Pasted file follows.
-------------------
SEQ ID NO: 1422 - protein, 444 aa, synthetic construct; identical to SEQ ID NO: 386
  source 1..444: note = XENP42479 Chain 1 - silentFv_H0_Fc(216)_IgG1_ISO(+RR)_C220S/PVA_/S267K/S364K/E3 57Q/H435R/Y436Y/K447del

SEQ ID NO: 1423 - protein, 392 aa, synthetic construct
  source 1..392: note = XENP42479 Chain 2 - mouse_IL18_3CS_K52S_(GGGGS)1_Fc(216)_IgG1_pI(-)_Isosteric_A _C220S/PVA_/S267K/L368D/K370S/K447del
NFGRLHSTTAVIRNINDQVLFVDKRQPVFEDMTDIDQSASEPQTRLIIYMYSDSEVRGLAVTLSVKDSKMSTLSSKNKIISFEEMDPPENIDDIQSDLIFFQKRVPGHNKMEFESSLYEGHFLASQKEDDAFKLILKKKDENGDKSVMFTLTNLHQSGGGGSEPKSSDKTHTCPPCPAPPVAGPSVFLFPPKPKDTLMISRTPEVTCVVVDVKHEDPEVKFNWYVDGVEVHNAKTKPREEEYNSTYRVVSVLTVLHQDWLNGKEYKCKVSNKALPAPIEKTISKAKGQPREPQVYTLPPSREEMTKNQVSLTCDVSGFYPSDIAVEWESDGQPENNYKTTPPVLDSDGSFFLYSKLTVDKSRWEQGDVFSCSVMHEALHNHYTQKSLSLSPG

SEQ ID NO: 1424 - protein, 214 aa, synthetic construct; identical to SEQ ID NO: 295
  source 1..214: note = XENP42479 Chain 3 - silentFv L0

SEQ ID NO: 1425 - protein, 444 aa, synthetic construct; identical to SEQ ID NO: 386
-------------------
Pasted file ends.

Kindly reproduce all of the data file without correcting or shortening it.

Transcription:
SEQ ID NO: 1422 - protein, 444 aa, synthetic construct; identical to SEQ ID NO: 386
  source 1..444: note = XENP42479 Chain 1 - silentFv_H0_Fc(216)_IgG1_ISO(+RR)_C220S/PVA_/S267K/S364K/E3 57Q/H435R/Y436Y/K447del

SEQ ID NO: 1423 - protein, 392 aa, synthetic construct
  source 1..392: note = XENP42479 Chain 2 - mouse_IL18_3CS_K52S_(GGGGS)1_Fc(216)_IgG1_pI(-)_Isosteric_A _C220S/PVA_/S267K/L368D/K370S/K447del
NFGRLHSTTAVIRNINDQVLFVDKRQPVFEDMTDIDQSASEPQTRLIIYMYSDSEVRGLAVTLSVKDSKMSTLSSKNKIISFEEMDPPENIDDIQSDLIFFQKRVPGHNKMEFESSLYEGHFLASQKEDDAFKLILKKKDENGDKSVMFTLTNLHQSGGGGSEPKSSDKTHTCPPCPAPPVAGPSVFLFPPKPKDTLMISRTPEVTCVVVDVKHEDPEVKFNWYVDGVEVHNAKTKPREEEYNSTYRVVSVLTVLHQDWLNGKEYKCKVSNKALPAPIEKTISKAKGQPREPQVYTLPPSREEMTKNQVSLTCDVSGFYPSDIAVEWESDGQPENNYKTTPPVLDSDGSFFLYSKLTVDKSRWEQGDVFSCSVMHEALHNHYTQKSLSLSPG

SEQ ID NO: 1424 - protein, 214 aa, synthetic construct; identical to SEQ ID NO: 295
  source 1..214: note = XENP42479 Chain 3 - silentFv L0

SEQ ID NO: 1425 - protein, 444 aa, synthetic construct; identical to SEQ ID NO: 386